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Modelling individual farmer behaviours in Coupled Human Natural Systems under changing climate and society

Project description

Farmers behaviour impact on climate change

Climate change can reduce agricultural productivity. As rising temperatures, fewer rainfalls, floods and droughts become frequent phenomena, addressing the issue has become vital. Individual farmers’ responses are instrumental in reducing vulnerability and assuring durability to multifactional irrigation systems. The EU-funded MODFaBe project proposes modelling farmers behaviour as well as informing market actors about the efficiency of alternative methods of intervention. It will assess farmers’ behaviour on the Muzza irrigation district in Milan, northern Italy. The project will also investigate the extent to which behaviour modelling can make farming more sustainable, flexible and adaptable to climate change.


Agriculture is one of the sectors most affected by climate change, especially in lower latitude areas, were climate change will result in increased temperature, reduced rainfall, and increased frequency of extreme weather events such as floods and droughts. Water and food nexus, often embedded in seemingly endless ecological, social and political interactions, are context-dependent, socially constructed and technically uncertain. Modelling techniques have been recognized, also in social sciences, as effective computational techniques to simulate social influence processes in human-nature systems from interactions within community of individual agents. The aim of the proposal is to reduce the vulnerability and improve the resilience of multifunctional irrigation systems to climate change scenarios by modelling individual farmer’ behaviour and informing managers and decision-makers about the effectiveness of different types of interventions. Through the combination of qualitative and quantitative methods and evidence-based analysis from social learning process (survey sample, interviews, statistical analyses, behavioural modelling simulations, artificial intelligence), insights are collected on how individual farmer and key stakeholders behave with respect to climate change adaptation in Coupled Human Natural Systems (CHNS), such as hydrosocial systems (e.g. multifunctional irrigation systems). A key question in today climate change adaptation research will be addressed: Can behaviour modelling help farmers to promote actions and anticipate decisions to adapt to climate change and become more sustainable and resilient? The assessment of farmer’ behavioural on climate change adaptation measures will be conducted on the Muzza irrigation district, located southeast of the city of Milan (Northern Italy). Modelling human behaviour can be used as a safe laboratory for policy experimentation, testing the effectiveness of strategies and policy measures on climate change.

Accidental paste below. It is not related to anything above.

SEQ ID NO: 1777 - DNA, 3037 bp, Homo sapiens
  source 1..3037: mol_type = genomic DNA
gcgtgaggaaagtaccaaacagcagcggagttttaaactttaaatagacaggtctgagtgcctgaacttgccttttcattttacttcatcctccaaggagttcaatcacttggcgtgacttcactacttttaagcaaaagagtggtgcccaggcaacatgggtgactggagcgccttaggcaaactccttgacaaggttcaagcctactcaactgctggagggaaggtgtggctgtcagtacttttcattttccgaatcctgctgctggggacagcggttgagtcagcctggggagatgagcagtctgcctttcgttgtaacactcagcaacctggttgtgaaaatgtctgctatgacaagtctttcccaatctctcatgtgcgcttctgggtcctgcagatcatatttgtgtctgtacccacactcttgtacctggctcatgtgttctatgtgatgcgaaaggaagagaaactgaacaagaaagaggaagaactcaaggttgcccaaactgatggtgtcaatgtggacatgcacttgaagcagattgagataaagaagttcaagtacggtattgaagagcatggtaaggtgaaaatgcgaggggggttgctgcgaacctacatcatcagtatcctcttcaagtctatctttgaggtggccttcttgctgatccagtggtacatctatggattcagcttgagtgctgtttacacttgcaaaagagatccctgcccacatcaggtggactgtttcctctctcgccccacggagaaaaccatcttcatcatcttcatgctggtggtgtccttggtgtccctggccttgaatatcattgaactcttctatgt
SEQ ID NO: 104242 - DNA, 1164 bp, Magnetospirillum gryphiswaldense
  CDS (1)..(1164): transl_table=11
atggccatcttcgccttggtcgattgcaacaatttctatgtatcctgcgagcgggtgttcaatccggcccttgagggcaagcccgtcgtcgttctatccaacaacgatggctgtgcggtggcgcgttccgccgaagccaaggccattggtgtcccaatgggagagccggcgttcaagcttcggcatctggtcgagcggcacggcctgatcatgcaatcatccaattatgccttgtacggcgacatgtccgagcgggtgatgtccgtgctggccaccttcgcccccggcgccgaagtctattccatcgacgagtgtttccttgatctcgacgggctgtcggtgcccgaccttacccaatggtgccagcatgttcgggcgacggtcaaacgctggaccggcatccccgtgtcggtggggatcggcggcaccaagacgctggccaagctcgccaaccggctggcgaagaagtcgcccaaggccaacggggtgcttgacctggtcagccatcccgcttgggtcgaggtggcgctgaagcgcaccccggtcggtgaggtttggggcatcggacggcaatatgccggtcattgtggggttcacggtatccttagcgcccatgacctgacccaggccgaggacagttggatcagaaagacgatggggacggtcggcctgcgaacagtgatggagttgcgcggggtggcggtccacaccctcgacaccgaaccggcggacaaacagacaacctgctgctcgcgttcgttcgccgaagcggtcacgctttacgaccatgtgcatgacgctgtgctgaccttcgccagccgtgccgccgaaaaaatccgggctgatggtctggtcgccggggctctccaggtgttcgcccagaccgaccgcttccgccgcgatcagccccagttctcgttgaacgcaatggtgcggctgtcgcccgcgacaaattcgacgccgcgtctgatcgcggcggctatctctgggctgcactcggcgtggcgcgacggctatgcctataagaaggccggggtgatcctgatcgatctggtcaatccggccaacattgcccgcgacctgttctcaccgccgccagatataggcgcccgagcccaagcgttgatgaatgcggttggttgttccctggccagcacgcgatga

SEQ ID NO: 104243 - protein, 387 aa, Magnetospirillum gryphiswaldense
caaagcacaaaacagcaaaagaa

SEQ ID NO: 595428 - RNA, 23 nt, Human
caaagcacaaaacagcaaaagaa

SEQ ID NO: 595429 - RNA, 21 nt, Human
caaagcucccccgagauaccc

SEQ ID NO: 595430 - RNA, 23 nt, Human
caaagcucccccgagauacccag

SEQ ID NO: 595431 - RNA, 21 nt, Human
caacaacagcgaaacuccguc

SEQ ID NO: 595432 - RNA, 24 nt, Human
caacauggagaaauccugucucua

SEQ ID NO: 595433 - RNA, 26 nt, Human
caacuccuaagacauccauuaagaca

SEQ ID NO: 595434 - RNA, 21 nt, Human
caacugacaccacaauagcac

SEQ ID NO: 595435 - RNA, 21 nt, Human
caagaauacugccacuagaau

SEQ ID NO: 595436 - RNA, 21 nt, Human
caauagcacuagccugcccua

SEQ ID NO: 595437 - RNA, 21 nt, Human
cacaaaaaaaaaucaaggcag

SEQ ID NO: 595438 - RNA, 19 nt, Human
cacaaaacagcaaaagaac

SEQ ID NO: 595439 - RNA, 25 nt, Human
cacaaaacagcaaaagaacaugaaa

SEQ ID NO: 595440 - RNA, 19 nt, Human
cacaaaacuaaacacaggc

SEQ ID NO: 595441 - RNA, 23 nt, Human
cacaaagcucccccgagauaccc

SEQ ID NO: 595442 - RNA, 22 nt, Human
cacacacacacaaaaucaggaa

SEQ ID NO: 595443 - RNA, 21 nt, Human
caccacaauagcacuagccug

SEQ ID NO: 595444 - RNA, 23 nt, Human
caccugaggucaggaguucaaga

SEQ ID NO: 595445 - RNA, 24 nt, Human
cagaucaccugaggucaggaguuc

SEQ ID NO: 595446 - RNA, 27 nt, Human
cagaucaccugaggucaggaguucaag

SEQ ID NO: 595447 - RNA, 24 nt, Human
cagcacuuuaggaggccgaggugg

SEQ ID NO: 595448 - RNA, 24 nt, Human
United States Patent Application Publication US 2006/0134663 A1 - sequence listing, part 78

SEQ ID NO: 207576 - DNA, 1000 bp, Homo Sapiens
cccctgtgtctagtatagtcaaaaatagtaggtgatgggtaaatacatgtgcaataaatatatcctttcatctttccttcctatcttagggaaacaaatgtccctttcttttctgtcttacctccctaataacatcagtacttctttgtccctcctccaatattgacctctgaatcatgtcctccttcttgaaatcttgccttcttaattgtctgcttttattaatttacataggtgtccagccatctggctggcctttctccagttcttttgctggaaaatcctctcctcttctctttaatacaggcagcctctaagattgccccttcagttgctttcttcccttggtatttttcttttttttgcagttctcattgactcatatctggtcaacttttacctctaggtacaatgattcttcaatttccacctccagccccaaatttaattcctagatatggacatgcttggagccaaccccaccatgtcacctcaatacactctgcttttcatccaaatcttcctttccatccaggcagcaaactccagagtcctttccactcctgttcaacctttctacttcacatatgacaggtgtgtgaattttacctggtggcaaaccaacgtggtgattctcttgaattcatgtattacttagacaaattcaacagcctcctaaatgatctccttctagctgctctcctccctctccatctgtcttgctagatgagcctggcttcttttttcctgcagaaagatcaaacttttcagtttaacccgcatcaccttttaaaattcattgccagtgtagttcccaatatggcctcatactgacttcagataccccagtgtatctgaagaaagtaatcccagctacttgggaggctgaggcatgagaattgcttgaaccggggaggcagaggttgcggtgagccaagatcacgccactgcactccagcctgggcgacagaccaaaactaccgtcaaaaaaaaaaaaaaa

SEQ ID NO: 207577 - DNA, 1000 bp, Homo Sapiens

Net EU contribution
€ 171 473,28
20133 Milano

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Nord-Ovest Lombardia Milano
Activity type
Higher or Secondary Education Establishments
Total cost
€ 171 473,28